Somerville, MA

Contact Name
Mimi Graney
Project Dates
2005 - Present
Workshop Leader
Creative Communities Exchange (CCX) 2011
Tags
Event, Policy, Research, Business Planning, Networking, Workforce Development
ArtsUnion was launched in 2005 by the Somerville Arts Council (SAC), the Mayor’s Office of Strategic Planning and Community Development (SPCD) and several local partners with support from the MCC John and Abigail Adams Grant. ArtsUnion seeks to capitalize on the demographic and physical assets of Union Square—its vibrant ethnic mix and burgeoning artist population—to propel an entirely new cultural economic project. Union Square Main Streets, a new neighborhood-focused economic development organization, was also launched in 2005 as part of an intensive effort at renewal.
Project Goals
What were the project goals?
ArtsUnion cultivates arts and culture, changes negative perceptions about the square through “place making” strategies and drives economic revitalization.
Have they changed over time?
They have not changed; the goals are still the same.
Who are the project partners and stakeholders?
Our stakeholders are the residents and businesses of Union Square and Somerville as a whole, local artists, design professionals, property owners, community and arts organizations, government, and more.
Project Specifics
How was the project implemented? What were the steps taken?
Elements include: 1) event series, 2) crafts markets, 3) tours, 4) street architecture , 5) zoning. In 2009 ArtsUnion helped USMS launch Design Annex, a coworking space for design professionals to support the city’s industry cluster.
Have they been refined over time?
We’ve expanded events from outdoor summer events to include indoor and some outdoor winter happenings. The smaller, frequent craft markets in the morning were discontinued for fewer, but larger, themed markets that include interactive elements. Over the years we’ve refined the approach. Street architecture includes temporary sculpture, light displays and sculptural banners to make the most of recent roadway improvements. With arts-friendly zoning passed, we’re looking deeper into what it means to be an arts district and ways to encourage development supportive of cultural uses.
Obstacles
What were your major obstacles?
Despite a tiny budget and spread-thin staff ArtsUnion is rich with programming. In 2010 it presented 7 festivals, 6 themed markets, and a series of cultural and historic walking tours. How do we do so much with a shoe-string staff?
Who or what was instrumental in overcoming these obstacles?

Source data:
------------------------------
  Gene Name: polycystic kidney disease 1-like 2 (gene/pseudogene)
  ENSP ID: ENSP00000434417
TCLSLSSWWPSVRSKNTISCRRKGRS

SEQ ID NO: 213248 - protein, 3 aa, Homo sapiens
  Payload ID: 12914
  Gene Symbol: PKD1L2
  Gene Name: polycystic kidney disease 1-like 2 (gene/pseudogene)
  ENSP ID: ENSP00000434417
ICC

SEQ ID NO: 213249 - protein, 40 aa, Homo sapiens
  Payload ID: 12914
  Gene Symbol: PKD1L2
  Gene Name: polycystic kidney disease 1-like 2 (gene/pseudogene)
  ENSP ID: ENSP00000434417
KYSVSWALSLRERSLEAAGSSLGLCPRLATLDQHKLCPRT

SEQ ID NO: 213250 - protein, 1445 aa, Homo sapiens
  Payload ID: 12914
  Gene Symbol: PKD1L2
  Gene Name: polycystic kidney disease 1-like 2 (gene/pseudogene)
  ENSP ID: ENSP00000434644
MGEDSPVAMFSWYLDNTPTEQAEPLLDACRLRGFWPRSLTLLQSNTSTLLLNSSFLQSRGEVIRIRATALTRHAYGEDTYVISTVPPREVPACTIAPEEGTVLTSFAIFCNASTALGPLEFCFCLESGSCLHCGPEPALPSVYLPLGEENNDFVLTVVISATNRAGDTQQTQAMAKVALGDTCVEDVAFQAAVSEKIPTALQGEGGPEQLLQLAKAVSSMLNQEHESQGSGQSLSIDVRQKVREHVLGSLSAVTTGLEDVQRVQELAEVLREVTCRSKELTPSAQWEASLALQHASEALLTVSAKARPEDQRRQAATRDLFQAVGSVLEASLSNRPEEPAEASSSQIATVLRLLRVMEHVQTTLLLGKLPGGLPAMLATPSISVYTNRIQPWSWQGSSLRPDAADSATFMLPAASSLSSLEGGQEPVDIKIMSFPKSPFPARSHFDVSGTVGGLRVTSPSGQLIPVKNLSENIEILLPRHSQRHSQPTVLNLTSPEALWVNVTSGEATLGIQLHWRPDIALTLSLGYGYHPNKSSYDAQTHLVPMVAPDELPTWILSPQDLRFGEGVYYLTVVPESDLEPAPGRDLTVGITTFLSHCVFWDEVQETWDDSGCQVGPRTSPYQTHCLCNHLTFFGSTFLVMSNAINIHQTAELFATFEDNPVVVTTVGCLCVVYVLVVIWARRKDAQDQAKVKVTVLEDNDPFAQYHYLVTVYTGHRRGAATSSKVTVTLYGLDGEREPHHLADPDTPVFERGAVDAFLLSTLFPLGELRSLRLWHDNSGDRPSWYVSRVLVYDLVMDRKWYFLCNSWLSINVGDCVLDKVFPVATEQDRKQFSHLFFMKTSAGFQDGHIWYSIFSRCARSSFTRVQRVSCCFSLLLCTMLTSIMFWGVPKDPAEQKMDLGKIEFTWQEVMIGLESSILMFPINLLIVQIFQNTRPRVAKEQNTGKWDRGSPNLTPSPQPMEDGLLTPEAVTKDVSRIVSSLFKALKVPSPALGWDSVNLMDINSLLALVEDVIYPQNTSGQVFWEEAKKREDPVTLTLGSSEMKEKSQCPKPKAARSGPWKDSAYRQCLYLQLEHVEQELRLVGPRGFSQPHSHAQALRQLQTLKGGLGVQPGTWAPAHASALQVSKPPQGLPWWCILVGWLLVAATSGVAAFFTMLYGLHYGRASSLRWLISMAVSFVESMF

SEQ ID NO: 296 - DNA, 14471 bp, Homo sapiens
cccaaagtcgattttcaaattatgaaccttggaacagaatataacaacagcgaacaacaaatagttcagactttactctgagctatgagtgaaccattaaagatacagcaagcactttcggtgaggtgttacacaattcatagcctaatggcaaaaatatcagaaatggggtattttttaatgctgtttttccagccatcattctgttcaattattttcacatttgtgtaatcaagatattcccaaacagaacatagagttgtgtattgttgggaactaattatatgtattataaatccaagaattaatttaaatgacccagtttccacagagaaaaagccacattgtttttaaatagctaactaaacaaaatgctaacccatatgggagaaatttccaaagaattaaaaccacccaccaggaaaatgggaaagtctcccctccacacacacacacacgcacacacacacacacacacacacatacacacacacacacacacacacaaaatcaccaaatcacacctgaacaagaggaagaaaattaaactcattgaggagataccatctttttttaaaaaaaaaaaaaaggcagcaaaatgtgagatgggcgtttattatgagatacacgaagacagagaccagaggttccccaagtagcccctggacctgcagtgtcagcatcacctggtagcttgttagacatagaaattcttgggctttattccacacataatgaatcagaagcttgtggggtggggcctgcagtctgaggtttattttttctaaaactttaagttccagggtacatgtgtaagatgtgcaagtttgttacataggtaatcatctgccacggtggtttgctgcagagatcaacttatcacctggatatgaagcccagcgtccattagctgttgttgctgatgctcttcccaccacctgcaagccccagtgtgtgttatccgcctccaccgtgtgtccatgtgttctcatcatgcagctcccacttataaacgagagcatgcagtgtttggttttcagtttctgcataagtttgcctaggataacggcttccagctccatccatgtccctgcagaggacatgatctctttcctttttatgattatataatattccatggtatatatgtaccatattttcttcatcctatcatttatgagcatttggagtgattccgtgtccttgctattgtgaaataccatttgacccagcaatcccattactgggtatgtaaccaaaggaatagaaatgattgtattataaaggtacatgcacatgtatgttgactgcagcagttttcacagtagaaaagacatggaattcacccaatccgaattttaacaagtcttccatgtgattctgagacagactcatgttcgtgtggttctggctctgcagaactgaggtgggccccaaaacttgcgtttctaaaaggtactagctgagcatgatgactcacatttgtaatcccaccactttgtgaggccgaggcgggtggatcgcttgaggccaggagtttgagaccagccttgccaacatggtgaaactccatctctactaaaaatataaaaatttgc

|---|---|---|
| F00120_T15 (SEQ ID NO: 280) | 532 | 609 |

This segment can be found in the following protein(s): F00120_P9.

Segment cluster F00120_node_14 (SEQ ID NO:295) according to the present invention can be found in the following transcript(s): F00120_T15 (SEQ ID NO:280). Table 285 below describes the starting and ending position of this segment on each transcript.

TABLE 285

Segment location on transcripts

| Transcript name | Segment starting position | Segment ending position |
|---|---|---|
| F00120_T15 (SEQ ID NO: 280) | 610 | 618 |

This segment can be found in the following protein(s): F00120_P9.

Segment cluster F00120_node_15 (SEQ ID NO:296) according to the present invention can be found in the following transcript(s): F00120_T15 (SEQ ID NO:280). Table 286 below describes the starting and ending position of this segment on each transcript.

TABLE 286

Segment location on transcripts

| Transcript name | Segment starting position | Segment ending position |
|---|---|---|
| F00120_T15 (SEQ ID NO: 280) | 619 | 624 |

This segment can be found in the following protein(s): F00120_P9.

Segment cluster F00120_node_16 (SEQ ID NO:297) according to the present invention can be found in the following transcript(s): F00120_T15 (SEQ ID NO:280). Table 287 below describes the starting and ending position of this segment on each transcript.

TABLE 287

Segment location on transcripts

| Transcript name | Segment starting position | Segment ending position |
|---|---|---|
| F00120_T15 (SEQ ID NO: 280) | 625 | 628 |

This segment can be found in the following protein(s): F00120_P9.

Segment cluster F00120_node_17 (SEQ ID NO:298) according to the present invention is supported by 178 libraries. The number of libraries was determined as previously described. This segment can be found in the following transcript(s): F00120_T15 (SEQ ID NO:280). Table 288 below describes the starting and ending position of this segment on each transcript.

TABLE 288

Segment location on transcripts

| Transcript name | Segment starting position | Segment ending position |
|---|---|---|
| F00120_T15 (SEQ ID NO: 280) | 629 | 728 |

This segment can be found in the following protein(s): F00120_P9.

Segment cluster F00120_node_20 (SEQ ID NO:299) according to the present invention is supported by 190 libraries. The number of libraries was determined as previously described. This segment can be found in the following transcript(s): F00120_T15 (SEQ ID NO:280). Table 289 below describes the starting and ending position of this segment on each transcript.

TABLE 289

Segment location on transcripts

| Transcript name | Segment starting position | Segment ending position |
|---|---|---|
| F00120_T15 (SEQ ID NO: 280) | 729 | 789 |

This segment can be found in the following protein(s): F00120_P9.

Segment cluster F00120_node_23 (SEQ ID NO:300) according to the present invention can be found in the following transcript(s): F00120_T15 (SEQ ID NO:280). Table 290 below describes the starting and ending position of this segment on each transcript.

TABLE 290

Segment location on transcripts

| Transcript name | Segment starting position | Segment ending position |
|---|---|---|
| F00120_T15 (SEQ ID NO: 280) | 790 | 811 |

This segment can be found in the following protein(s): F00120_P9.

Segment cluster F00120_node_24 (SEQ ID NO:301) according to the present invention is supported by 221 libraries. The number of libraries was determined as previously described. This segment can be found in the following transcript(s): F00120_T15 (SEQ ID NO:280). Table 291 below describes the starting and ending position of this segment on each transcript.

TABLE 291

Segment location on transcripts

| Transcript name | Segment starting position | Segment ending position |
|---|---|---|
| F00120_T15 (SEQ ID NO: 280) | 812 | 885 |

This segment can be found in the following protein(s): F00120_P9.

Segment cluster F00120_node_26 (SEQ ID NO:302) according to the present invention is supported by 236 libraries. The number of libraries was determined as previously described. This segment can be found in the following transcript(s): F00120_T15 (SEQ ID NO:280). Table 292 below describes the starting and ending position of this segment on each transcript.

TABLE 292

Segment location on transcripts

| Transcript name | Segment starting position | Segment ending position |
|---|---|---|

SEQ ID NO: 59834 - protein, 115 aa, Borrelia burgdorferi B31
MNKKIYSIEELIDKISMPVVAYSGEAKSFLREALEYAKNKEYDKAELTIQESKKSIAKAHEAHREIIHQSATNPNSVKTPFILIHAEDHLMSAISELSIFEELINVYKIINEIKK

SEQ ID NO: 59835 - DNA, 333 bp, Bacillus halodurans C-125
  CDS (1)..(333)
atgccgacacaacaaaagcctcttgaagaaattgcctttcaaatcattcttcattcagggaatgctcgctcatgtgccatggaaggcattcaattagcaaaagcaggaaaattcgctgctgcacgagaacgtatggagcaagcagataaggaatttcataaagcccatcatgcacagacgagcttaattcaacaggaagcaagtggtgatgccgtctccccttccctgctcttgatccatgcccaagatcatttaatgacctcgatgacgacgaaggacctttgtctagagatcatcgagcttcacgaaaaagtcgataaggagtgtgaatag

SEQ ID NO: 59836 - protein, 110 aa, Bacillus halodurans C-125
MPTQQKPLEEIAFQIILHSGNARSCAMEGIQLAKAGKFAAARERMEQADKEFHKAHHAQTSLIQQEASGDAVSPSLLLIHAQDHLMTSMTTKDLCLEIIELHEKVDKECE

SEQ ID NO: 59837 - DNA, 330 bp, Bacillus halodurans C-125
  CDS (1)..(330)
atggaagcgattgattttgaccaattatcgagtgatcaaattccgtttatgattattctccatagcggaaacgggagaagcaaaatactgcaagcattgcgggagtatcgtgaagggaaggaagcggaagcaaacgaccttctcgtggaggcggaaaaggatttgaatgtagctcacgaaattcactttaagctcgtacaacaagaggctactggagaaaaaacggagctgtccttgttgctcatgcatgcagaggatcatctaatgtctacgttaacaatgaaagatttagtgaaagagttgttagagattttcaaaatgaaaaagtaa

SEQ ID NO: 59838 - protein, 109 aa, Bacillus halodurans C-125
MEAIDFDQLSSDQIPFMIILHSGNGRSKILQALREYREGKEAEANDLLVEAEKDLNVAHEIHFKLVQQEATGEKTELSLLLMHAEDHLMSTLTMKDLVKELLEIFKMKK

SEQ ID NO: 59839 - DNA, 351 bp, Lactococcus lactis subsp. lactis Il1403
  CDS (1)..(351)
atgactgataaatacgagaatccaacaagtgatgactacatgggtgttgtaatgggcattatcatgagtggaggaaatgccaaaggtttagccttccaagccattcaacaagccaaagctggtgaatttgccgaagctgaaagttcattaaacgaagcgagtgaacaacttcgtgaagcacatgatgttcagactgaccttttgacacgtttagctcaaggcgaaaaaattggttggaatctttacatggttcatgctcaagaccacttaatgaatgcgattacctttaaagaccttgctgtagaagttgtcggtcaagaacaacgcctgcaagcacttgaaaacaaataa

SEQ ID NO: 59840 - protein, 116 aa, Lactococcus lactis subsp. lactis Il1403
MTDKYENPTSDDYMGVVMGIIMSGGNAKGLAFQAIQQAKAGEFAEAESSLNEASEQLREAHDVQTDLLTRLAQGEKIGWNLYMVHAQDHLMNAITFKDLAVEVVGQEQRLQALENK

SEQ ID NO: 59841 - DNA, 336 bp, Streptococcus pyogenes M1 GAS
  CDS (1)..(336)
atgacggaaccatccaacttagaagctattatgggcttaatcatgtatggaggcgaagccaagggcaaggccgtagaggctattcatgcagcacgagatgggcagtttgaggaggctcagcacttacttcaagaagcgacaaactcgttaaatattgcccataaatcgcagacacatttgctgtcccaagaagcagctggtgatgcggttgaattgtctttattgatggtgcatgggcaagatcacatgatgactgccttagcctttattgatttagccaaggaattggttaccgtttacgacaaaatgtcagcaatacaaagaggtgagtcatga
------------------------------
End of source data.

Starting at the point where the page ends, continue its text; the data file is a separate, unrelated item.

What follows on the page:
With a “Call to Producers” model ArtsUnion is able to diversify offerings, develop emerging leaders, and save precious cash. Producers bring their own audiences, increasing attendance and economic impact. The “Call to Producers” model allows us to better engage under-represented communities and connect with area businesses. For example, “Utsav! A Festival of Punjabi Culture” brought in the formal project partner of Somerville Community Access TV (SCAT) and the Sikh community at the Somerville Gurudwara while an evening exploring filmmaking in Haiti was produced in partnership with the Haitian Coalition. Ginger Explosion celebrated the food of 5 area restaurants, while our Ethnic Food Market tours highlight area markets and immigrant business owners. Area businesses draw in visitors with beverages or menu items in keeping with the theme of various events.
What top three suggestions would you give to others attempting a similar project?
Other communities would likely want to replicate our “Call to Producers” model to more effectively leverage local resources, diversify participation and engage new partners. Also, other communities may wish to follow our lead in ongoing data collection and research to adjust programming (e.g. poor sales at morning craft markets made way for strong sales for afternoon themed market), uncover new opportunities (density of designers with home offices leading to creation of the Design Annex) and to make the case for arts as an effective tool for neighborhood revitalization.
Project Impact
How has this project contributed to creative community building?
Since the launch we’ve seen the transformation of 17,000 sq feet of previously industrial or vacant spaces converted to creative uses, a net increase of 8 new businesses, and significant branding of Union Square as a hip, unique, creative center. A 2006 study by Clyde Barrow of UMass Dartmouth showed ArtsUnion that year documented an impact of $352,470 and 3.5 jobs.
Why do you consider the project successful, as related to your project goals above?
It created businesses, jobs, and revenue.
Were there unexpected impacts?
The scale